Department of the Army Files: Telegram

No. 773
The Supreme Allied Commander, Mediterranean (Alexander) to the Combined Chiefs of Staff1
[Paraphrase]
top secret
urgent

Naf 1042, FX 24640. Cite Fhgct. Sent to the Special Signals Office of the Air Ministry for the British Chiefs of Staff, and to the Adjutant General, War Department, for the Combined Chiefs of Staff. Repeated for information to the Berlin Conference for the personal attention of Field Marshal Alexander.

There follows an outline, for your information, of a report which the Commanding General of the Eighth Army, General McCreery, has made concerning contacts of recent date with Soviet officers.

On July 16, 1945, Eighth Army representatives,2 accompanied by representatives of France and the United States,3 held two meetings in Vienna with the Soviet authorities. The British, French, and United States parties left Vienna the following day.

The Soviet authorities refused to discuss such questions as civilian supplies, railways, roads, and signal communications, despite the fact that Marshal Konev, in writing to McCreery, had agreed to hold the meeting and had stated his belief that the meeting could settle many questions. The reaction of the Allied representatives to the uncooperative Soviet attitude forced the referral of the matter by the Soviet representative to Konev, who agreed that a quadripartite discussion, by specialist officers, should take place at once concerning these questions.

The meeting then made good progress on most of the abovementioned subjects. Guarantees were received for telegraph and telephone facilities both (a) between Vienna and the occupation zones and (b) within the city itself. The meeting reached agreement on establishing combined signals and railways boards, which will not [Page 670]function, of course, until we have reached agreement on moving advance parties into Vienna. Agreement was also reached on road communications.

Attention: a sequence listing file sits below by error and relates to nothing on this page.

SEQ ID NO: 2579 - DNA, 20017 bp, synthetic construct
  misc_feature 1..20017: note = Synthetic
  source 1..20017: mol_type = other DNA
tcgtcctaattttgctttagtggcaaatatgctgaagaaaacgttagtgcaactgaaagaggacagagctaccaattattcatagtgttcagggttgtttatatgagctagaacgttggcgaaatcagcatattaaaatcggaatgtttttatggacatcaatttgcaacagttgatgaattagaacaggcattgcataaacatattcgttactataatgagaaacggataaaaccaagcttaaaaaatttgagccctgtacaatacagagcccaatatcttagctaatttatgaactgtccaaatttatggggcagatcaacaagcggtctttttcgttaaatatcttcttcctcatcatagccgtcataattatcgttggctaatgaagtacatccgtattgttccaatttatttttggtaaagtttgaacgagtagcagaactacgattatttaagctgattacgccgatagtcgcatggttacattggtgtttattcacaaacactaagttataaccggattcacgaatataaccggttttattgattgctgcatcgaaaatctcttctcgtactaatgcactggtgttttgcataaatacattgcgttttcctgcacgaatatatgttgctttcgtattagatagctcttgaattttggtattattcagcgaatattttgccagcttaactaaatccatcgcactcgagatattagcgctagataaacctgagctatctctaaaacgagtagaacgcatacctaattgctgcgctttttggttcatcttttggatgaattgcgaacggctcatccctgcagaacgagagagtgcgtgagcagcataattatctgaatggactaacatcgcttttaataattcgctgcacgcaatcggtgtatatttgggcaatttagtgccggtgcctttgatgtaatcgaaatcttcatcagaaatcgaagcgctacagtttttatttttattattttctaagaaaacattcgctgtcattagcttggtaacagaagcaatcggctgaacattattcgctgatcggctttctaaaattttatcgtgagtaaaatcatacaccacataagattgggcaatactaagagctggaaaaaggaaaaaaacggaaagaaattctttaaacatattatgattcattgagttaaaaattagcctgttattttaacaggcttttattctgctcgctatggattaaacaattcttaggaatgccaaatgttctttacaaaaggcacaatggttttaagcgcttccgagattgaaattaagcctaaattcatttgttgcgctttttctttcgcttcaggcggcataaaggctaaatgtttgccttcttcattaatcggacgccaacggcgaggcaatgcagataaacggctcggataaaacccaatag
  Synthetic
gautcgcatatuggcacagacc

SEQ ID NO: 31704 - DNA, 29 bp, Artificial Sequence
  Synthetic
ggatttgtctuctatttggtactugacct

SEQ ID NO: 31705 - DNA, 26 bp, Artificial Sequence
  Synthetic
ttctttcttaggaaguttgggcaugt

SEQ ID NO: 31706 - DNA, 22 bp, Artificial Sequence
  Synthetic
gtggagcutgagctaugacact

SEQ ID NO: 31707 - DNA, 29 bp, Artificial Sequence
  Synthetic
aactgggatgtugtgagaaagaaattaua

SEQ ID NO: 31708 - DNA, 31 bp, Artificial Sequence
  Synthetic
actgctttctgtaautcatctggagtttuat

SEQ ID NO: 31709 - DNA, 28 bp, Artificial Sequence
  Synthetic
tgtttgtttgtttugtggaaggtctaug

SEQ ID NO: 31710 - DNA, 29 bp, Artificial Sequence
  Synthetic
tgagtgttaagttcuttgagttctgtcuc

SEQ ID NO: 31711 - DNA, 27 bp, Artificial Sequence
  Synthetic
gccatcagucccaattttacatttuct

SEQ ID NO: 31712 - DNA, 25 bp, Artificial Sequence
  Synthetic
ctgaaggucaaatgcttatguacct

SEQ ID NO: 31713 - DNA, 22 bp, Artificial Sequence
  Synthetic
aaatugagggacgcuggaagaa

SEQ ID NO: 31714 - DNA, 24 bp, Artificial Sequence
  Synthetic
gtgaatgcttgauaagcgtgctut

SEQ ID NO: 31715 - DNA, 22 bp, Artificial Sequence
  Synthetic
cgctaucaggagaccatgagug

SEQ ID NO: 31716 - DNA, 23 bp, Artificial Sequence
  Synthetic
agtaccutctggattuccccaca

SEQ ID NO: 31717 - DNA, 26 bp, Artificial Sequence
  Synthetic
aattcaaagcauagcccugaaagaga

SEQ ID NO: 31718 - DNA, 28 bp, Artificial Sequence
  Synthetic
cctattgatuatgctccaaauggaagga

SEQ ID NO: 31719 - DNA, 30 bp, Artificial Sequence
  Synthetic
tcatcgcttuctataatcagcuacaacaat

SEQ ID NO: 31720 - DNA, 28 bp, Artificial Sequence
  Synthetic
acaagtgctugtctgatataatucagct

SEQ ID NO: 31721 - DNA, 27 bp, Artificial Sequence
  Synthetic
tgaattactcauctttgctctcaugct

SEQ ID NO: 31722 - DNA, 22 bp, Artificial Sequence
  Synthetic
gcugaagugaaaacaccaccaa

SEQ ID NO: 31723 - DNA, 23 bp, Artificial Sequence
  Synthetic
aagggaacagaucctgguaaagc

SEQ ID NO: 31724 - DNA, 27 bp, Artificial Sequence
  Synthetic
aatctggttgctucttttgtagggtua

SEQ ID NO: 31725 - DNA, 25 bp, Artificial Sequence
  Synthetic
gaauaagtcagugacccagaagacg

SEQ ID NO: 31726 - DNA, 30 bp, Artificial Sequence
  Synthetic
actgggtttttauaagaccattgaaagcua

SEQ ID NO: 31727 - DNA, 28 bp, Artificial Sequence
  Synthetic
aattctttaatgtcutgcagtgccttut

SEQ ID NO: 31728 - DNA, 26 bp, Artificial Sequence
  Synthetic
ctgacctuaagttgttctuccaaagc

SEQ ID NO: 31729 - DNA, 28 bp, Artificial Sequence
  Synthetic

The Soviet authorities claimed that, since the European Advisory Commission agreements have not been approved at the governmental level, they lacked authorization from Moscow to reach any decisions to implement those agreements. Therefore they could not discuss the movement into Vienna of advance parties of the three Allies or the occupation of Styria on the part of the Eighth Army. Unless steps are taken at the highest level to ensure that Moscow sends the necessary instructions to Konev, it is clearly possible for the Soviet authorities to continue to block any move into Styria or Vienna. Our belief is that we can accomplish nothing more through local contacts. We approached the Soviet authorities on July 1 with respect to the occupation of Styria, and we believe that it would be undesirable to run the risk of a third rebuff on the part of the local Soviet commander.

The Chief of Staff4 to Konev stated that the Marshal would extend invitations to the three Allied commanders for staff meetings, to be followed by a meeting of the commanders, as soon as he had received instructions from Moscow.

Alexander
  1. Received by the United States Delegation to the Berlin Conference on July 19 as a retransmission from the War Department. This message was signed with Alexander’s name although Alexander himself was at the Conference.
  2. The ranking British representative was Major-General John Winterton.
  3. Brigadier General Paul-Raymond-Philippe Cherriére and Major General Alfred M. Gruenther, respectively.
  4. Army General Ivan Efimovich Petrov.